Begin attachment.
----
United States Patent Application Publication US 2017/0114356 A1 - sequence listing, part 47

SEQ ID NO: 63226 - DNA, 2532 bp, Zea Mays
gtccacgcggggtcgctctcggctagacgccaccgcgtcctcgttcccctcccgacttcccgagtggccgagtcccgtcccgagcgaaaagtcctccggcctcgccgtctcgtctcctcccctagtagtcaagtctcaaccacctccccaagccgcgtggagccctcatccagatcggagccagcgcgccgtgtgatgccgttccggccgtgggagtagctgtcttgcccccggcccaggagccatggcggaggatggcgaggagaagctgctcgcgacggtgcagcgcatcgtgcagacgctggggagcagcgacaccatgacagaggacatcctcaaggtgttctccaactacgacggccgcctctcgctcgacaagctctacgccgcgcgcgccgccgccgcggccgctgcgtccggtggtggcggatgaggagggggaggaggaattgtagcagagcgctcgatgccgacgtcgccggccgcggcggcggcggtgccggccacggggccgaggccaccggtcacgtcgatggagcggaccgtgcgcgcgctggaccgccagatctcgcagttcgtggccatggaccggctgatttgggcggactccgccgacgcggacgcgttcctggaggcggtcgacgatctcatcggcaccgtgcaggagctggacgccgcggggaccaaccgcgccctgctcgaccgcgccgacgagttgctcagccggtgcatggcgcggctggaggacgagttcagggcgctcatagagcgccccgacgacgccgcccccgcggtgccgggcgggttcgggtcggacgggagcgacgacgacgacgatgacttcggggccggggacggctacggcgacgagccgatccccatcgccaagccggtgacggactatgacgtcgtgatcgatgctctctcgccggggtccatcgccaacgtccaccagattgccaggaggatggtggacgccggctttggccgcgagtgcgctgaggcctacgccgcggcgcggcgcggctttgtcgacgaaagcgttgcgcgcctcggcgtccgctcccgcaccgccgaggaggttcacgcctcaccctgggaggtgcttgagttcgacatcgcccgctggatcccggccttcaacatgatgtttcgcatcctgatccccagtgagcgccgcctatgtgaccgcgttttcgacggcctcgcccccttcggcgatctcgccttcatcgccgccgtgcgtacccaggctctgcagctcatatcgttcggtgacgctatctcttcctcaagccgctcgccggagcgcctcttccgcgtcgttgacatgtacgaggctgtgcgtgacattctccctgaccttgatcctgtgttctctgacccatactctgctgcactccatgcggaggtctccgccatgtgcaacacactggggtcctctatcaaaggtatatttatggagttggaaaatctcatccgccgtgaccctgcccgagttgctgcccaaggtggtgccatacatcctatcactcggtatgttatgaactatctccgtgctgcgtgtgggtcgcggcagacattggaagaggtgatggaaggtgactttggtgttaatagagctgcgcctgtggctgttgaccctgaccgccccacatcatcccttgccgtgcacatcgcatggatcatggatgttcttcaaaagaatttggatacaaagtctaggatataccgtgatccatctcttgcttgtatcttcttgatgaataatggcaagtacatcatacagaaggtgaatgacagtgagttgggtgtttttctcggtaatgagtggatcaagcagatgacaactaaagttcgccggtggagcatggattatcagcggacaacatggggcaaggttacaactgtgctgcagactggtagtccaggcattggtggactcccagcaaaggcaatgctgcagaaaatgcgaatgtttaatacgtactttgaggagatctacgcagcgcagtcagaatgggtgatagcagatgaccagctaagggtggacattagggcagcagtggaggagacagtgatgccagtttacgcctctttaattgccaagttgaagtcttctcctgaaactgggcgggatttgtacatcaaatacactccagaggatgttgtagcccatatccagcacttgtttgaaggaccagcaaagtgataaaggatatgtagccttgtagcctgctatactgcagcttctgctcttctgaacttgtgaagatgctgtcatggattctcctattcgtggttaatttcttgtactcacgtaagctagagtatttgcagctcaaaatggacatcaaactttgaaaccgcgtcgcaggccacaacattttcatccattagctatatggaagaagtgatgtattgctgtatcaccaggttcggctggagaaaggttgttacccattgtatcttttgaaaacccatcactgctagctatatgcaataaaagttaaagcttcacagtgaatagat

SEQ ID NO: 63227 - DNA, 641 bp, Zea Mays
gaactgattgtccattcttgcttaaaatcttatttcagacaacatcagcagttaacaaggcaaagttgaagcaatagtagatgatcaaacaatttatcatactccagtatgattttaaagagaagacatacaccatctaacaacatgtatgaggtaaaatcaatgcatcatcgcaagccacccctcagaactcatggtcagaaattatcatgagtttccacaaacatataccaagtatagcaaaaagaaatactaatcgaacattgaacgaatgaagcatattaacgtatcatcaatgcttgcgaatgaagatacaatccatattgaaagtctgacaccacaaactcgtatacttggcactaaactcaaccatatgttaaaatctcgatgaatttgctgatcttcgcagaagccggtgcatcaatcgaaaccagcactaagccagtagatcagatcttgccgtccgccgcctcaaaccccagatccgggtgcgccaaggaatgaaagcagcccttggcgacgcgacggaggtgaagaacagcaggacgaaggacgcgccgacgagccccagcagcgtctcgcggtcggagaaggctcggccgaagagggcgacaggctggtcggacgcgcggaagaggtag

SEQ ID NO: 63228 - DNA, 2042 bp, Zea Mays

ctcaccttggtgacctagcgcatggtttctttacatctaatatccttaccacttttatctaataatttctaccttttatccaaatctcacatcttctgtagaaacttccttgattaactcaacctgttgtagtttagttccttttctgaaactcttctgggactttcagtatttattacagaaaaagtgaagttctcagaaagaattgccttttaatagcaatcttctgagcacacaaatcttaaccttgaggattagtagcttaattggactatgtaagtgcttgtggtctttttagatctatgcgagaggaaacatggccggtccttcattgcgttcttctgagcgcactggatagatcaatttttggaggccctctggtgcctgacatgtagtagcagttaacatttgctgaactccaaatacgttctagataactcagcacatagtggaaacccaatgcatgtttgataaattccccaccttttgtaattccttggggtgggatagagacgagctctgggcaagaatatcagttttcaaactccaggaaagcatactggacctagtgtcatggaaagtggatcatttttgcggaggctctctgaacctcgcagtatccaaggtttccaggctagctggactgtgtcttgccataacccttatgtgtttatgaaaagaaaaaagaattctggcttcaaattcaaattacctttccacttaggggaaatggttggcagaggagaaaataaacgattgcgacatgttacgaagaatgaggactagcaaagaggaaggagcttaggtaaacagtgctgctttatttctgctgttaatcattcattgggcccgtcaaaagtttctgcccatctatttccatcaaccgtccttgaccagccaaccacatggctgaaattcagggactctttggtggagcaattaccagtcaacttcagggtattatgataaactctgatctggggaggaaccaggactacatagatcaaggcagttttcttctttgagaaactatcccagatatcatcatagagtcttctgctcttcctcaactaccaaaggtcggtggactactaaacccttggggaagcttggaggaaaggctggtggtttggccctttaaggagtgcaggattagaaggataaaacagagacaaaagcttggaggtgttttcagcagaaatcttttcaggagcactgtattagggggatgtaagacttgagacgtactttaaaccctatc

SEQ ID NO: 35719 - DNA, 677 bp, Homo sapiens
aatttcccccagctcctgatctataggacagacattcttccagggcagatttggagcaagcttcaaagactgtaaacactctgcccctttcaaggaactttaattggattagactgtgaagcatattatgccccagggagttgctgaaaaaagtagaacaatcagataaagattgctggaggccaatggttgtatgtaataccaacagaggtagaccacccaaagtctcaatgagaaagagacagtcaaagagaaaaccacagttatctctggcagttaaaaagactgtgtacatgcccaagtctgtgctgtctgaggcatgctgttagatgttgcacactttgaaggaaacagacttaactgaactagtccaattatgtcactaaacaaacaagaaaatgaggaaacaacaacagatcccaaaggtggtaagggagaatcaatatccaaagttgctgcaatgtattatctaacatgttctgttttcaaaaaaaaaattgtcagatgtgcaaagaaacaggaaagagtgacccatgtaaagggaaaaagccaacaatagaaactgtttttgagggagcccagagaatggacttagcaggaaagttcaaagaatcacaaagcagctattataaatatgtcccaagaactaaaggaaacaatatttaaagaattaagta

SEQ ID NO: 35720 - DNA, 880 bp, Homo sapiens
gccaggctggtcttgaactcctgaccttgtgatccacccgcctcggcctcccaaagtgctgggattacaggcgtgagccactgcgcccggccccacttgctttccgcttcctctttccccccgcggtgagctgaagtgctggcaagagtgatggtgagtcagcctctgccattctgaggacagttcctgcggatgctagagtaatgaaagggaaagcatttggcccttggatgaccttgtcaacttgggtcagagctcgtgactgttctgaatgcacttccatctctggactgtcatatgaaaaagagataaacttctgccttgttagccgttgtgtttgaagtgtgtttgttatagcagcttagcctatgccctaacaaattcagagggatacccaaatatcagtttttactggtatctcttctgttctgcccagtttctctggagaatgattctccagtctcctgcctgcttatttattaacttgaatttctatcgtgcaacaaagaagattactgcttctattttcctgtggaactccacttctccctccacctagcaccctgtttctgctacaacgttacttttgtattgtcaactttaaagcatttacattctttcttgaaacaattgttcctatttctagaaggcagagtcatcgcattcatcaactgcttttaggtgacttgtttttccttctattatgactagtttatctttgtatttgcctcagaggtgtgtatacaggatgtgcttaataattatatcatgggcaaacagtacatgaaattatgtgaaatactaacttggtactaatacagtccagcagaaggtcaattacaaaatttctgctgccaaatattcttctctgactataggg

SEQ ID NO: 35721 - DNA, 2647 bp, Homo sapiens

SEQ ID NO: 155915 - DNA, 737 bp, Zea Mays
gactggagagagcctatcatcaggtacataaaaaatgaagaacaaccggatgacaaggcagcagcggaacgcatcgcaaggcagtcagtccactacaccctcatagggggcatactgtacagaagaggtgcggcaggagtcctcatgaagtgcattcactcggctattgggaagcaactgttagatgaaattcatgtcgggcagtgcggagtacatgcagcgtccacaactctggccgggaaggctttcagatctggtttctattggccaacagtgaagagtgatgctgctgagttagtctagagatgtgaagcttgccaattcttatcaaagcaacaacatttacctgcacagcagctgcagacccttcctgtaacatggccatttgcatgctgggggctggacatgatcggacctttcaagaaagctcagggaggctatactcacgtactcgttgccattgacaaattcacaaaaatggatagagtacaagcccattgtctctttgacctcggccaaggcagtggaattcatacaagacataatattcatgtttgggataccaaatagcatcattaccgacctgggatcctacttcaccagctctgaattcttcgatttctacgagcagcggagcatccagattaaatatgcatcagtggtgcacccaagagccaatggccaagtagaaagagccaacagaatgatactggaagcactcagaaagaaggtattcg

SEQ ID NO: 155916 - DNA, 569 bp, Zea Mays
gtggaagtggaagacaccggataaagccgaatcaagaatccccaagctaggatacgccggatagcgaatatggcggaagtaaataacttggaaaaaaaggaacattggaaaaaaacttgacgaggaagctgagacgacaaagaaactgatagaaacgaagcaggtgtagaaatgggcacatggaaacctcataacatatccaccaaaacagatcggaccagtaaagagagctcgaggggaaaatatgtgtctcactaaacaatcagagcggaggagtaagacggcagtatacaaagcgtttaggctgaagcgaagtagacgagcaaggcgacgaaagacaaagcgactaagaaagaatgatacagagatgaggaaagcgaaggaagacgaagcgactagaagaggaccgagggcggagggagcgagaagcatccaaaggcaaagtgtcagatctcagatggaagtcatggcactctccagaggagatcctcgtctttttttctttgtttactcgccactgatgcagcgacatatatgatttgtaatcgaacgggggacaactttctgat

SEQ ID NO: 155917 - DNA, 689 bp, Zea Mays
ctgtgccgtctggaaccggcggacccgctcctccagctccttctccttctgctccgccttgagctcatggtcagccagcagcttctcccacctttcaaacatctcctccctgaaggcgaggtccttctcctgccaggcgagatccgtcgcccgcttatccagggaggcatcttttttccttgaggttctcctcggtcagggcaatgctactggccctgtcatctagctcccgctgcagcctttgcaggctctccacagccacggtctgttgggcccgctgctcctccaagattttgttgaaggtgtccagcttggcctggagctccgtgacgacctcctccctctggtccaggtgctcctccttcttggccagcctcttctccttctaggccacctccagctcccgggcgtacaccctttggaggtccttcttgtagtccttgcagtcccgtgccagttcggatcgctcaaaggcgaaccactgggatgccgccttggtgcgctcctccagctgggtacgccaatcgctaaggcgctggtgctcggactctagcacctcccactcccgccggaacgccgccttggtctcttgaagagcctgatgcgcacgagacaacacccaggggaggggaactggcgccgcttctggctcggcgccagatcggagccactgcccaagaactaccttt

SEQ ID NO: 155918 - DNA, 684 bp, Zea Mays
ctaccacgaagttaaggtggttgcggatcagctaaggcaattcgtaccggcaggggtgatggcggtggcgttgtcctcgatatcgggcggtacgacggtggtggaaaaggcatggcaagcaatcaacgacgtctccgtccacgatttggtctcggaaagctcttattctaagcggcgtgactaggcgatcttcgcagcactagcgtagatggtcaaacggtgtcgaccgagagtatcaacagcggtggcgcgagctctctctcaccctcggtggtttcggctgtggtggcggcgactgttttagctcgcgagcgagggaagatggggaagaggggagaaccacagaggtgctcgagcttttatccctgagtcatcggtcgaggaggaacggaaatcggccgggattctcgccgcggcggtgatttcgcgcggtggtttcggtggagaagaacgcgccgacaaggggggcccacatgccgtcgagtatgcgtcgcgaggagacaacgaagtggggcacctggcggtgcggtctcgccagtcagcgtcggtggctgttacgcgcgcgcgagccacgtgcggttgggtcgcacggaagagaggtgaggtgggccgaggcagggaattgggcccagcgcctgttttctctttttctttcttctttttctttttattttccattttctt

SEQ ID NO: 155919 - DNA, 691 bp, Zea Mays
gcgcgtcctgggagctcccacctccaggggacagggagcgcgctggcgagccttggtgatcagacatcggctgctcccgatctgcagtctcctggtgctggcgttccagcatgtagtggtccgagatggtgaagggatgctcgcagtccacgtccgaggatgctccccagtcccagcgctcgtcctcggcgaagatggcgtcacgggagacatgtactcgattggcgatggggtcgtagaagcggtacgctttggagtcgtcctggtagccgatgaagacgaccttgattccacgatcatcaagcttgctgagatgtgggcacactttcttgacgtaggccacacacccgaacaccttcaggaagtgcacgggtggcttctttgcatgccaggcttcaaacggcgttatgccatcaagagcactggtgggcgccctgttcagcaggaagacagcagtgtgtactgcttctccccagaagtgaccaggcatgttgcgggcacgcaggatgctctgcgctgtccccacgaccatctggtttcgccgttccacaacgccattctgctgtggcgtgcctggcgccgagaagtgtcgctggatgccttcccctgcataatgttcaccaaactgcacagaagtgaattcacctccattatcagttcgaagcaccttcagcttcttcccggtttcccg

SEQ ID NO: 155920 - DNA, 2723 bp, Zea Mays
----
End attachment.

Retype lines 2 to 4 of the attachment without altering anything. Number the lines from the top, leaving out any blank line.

SEQ ID NO: 63226 - DNA, 2532 bp, Zea Mays
gtccacgcggggtcgctctcggctagacgccaccgcgtcctcgttcccctcccgacttcccgagtggccgagtcccgtcccgagcgaaaagtcctccggcctcgccgtctcgtctcctcccctagtagtcaagtctcaaccacctccccaagccgcgtggagccctcatccagatcggagccagcgcgccgtgtgatgccgttccggccgtgggagtagctgtcttgcccccggcccaggagccatggcggaggatggcgaggagaagctgctcgcgacggtgcagcgcatcgtgcagacgctggggagcagcgacaccatgacagaggacatcctcaaggtgttctccaactacgacggccgcctctcgctcgacaagctctacgccgcgcgcgccgccgccgcggccgctgcgtccggtggtggcggatgaggagggggaggaggaattgtagcagagcgctcgatgccgacgtcgccggccgcggcggcggcggtgccggccacggggccgaggccaccggtcacgtcgatggagcggaccgtgcgcgcgctggaccgccagatctcgcagttcgtggccatggaccggctgatttgggcggactccgccgacgcggacgcgttcctggaggcggtcgacgatctcatcggcaccgtgcaggagctggacgccgcggggaccaaccgcgccctgctcgaccgcgccgacgagttgctcagccggtgcatggcgcggctggaggacgagttcagggcgctcatagagcgccccgacgacgccgcccccgcggtgccgggcgggttcgggtcggacgggagcgacgacgacgacgatgacttcggggccggggacggctacggcgacgagccgatccccatcgccaagccggtgacggactatgacgtcgtgatcgatgctctctcgccggggtccatcgccaacgtccaccagattgccaggaggatggtggacgccggctttggccgcgagtgcgctgaggcctacgccgcggcgcggcgcggctttgtcgacgaaagcgttgcgcgcctcggcgtccgctcccgcaccgccgaggaggttcacgcctcaccctgggaggtgcttgagttcgacatcgcccgctggatcccggccttcaacatgatgtttcgcatcctgatccccagtgagcgccgcctatgtgaccgcgttttcgacggcctcgcccccttcggcgatctcgccttcatcgccgccgtgcgtacccaggctctgcagctcatatcgttcggtgacgctatctcttcctcaagccgctcgccggagcgcctcttccgcgtcgttgacatgtacgaggctgtgcgtgacattctccctgaccttgatcctgtgttctctgacccatactctgctgcactccatgcggaggtctccgccatgtgcaacacactggggtcctctatcaaaggtatatttatggagttggaaaatctcatccgccgtgaccctgcccgagttgctgcccaaggtggtgccatacatcctatcactcggtatgttatgaactatctccgtgctgcgtgtgggtcgcggcagacattggaagaggtgatggaaggtgactttggtgttaatagagctgcgcctgtggctgttgaccctgaccgccccacatcatcccttgccgtgcacatcgcatggatcatggatgttcttcaaaagaatttggatacaaagtctaggatataccgtgatccatctcttgcttgtatcttcttgatgaataatggcaagtacatcatacagaaggtgaatgacagtgagttgggtgtttttctcggtaatgagtggatcaagcagatgacaactaaagttcgccggtggagcatggattatcagcggacaacatggggcaaggttacaactgtgctgcagactggtagtccaggcattggtggactcccagcaaaggcaatgctgcagaaaatgcgaatgtttaatacgtactttgaggagatctacgcagcgcagtcagaatgggtgatagcagatgaccagctaagggtggacattagggcagcagtggaggagacagtgatgccagtttacgcctctttaattgccaagttgaagtcttctcctgaaactgggcgggatttgtacatcaaatacactccagaggatgttgtagcccatatccagcacttgtttgaaggaccagcaaagtgataaaggatatgtagccttgtagcctgctatactgcagcttctgctcttctgaacttgtgaagatgctgtcatggattctcctattcgtggttaatttcttgtactcacgtaagctagagtatttgcagctcaaaatggacatcaaactttgaaaccgcgtcgcaggccacaacattttcatccattagctatatggaagaagtgatgtattgctgtatcaccaggttcggctggagaaaggttgttacccattgtatcttttgaaaacccatcactgctagctatatgcaataaaagttaaagcttcacagtgaatagat

SEQ ID NO: 63227 - DNA, 641 bp, Zea Mays